"A Rapid Sun on the First Days of Fall, and; A Mars Reminder"

Scheduled air date: 2003 Sep 08-14


From the Summer Solstice in June until the Winter Solstice in December, the Sun appears to rise a little farther south each day.


At the Autumnal Equinox—September 23rd this year—the Sun rises due East...


...and sets exactly due West...


...which marks the beginning of Fall (Spring in the Southern Hemisphere), when the Sun appears directly on the Celestial Equator.


But don't forget about the brilliant planet Mars, which was at its closest to Earth last week, yet continues to shine very brightly even as it now grows more distant with each day.  It is joined by the Waxing Gibbous Moon on the nights of the 8th and 9th; Full Moon (the "Harvest Moon") occurs on the night of the 10th.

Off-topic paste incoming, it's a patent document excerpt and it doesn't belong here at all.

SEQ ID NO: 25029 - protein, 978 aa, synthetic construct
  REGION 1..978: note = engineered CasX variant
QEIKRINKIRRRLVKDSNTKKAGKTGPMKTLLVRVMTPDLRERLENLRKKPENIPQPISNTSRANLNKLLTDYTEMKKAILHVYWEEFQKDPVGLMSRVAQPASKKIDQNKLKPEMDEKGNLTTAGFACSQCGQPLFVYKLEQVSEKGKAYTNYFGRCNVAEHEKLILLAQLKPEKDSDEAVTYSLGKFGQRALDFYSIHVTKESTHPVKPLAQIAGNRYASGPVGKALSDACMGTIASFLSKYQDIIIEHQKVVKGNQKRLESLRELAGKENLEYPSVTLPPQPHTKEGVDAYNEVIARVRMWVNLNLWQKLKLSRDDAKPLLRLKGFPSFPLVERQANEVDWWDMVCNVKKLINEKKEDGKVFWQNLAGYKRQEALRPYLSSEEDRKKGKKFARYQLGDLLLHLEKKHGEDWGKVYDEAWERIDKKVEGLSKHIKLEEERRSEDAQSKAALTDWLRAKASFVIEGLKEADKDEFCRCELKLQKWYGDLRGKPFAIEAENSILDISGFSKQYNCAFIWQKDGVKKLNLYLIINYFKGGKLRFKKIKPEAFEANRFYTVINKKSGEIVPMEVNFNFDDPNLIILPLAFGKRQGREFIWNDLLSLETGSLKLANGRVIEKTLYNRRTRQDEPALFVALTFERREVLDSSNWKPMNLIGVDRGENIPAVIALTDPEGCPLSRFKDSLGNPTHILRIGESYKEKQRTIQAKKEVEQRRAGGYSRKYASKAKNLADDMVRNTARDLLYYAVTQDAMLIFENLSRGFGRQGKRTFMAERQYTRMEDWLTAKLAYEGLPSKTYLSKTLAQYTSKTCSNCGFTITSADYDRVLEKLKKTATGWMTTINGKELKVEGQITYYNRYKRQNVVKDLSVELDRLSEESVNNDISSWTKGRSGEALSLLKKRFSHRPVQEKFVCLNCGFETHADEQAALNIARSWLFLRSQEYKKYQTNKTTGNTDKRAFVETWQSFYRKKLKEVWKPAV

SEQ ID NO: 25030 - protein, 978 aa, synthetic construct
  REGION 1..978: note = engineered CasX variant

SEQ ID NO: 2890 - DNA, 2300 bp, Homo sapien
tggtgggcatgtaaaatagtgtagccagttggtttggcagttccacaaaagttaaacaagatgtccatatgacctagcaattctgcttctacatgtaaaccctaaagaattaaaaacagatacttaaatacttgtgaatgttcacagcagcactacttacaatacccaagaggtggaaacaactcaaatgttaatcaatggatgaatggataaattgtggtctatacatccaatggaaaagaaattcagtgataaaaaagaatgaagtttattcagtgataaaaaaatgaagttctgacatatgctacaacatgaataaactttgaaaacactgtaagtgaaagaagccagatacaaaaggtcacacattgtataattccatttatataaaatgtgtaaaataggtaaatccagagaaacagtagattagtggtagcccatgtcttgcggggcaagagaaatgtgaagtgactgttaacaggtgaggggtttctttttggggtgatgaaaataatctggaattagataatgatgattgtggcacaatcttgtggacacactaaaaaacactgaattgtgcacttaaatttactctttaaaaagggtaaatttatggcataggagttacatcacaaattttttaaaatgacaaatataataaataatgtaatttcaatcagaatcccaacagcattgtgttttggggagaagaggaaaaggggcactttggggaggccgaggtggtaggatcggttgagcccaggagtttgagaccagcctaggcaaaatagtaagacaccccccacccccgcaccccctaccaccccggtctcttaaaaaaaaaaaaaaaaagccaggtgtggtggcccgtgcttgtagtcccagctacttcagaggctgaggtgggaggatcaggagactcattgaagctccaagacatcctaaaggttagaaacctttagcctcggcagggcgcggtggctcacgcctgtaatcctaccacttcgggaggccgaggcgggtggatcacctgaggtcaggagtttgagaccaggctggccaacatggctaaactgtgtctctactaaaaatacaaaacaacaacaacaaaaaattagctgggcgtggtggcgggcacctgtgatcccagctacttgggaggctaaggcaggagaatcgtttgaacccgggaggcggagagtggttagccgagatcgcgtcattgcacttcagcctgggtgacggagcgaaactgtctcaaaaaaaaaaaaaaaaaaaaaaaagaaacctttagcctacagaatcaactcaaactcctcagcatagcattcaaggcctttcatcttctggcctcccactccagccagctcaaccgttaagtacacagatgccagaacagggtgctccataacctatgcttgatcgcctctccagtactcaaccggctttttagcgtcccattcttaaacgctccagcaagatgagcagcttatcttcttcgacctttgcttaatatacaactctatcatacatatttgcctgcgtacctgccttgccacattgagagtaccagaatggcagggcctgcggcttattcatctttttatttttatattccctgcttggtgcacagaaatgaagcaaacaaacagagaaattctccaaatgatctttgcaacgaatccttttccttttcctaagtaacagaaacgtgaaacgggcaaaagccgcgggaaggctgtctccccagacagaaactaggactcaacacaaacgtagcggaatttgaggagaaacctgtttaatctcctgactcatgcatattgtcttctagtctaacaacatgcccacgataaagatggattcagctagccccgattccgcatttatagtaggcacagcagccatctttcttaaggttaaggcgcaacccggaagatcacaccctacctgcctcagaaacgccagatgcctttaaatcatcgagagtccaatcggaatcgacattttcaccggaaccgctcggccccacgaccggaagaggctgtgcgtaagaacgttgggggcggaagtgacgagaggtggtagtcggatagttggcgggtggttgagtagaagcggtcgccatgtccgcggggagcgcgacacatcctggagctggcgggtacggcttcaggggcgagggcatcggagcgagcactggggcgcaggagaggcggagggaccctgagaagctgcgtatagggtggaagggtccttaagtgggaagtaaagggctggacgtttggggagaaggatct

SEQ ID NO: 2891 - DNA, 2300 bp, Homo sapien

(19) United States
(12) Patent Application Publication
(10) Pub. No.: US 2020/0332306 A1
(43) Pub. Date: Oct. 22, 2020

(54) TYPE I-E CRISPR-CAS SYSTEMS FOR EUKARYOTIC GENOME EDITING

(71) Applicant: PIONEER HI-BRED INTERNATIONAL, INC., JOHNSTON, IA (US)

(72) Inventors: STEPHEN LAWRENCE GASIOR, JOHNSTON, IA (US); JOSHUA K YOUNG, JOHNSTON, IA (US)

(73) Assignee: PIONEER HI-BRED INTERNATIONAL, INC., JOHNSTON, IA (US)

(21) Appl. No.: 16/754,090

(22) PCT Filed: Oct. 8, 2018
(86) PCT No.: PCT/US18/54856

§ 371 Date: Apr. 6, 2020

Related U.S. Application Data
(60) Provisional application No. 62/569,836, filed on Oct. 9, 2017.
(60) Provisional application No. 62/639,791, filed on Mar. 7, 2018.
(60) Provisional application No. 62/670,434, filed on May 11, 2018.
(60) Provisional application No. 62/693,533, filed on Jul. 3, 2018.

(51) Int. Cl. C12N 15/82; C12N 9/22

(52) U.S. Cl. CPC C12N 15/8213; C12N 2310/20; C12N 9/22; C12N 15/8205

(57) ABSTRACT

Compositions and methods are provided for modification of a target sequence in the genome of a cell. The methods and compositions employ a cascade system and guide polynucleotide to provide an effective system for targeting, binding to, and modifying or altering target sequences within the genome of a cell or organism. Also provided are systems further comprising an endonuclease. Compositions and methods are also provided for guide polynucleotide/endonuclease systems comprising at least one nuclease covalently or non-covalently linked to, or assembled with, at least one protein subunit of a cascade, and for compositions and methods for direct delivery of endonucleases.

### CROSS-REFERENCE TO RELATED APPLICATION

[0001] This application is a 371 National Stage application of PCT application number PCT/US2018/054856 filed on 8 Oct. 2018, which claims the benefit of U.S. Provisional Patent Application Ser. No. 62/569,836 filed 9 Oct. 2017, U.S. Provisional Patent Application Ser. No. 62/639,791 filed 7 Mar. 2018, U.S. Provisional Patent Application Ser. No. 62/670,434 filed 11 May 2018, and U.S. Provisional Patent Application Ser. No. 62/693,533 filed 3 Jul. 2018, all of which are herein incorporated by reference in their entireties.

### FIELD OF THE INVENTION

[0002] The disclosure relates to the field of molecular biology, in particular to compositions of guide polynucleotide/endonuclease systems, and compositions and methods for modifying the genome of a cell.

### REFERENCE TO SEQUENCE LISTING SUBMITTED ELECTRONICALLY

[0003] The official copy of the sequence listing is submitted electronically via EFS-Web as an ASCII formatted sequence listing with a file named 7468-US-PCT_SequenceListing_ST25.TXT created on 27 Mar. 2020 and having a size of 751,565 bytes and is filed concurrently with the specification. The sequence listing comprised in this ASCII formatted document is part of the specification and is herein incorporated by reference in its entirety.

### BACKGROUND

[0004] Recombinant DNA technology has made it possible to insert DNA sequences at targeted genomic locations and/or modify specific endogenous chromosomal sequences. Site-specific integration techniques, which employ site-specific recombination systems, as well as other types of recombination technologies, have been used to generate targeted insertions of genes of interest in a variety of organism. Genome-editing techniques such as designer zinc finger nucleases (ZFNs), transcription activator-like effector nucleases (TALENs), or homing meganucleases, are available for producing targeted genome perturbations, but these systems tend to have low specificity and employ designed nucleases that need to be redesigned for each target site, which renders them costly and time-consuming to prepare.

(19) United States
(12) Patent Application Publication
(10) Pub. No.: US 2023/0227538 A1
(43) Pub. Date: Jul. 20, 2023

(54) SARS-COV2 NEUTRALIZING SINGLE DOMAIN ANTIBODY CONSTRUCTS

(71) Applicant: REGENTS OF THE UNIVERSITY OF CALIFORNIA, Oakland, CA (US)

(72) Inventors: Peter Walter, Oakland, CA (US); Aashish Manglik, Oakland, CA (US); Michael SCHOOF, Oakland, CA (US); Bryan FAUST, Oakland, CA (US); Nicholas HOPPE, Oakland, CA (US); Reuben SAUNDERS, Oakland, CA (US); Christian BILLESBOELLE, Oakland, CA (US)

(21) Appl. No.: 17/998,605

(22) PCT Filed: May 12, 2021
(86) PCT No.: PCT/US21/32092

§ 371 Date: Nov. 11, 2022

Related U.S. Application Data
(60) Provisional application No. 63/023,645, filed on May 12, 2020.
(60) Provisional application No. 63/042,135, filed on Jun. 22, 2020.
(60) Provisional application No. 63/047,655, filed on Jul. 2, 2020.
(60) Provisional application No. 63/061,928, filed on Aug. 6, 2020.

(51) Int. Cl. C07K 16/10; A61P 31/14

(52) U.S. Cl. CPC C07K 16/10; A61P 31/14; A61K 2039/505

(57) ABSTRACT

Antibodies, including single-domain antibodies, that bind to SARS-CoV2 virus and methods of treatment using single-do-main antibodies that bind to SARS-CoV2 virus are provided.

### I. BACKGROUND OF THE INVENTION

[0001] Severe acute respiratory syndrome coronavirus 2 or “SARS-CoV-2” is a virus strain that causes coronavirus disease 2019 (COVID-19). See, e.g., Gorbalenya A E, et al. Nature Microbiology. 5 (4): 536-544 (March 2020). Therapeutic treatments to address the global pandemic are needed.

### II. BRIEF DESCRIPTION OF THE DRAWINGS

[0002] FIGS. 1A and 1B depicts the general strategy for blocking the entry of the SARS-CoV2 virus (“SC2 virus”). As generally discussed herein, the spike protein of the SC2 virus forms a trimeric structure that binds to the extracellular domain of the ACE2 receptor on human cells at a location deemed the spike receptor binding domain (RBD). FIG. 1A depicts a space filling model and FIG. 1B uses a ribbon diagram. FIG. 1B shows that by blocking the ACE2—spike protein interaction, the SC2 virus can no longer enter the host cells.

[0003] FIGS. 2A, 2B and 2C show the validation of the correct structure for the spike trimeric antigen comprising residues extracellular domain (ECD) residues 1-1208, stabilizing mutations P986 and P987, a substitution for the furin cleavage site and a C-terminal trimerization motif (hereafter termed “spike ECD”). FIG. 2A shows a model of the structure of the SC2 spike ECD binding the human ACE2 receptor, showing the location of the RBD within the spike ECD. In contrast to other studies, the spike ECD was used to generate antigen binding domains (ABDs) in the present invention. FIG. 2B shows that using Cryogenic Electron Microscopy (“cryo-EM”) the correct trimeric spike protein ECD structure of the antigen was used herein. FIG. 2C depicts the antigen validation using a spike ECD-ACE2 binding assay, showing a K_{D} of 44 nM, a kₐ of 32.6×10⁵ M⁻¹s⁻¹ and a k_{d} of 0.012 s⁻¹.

(Shown about 90 minutes after sunset for mid-northern latitudes.)

If you wish to view illustrations for other episodes, please see our Star Gazer Illustrated directory.


Illustrations on this page were created using TheSky Astronomy Software, an advanced desktop planetarium program designed for Windows.

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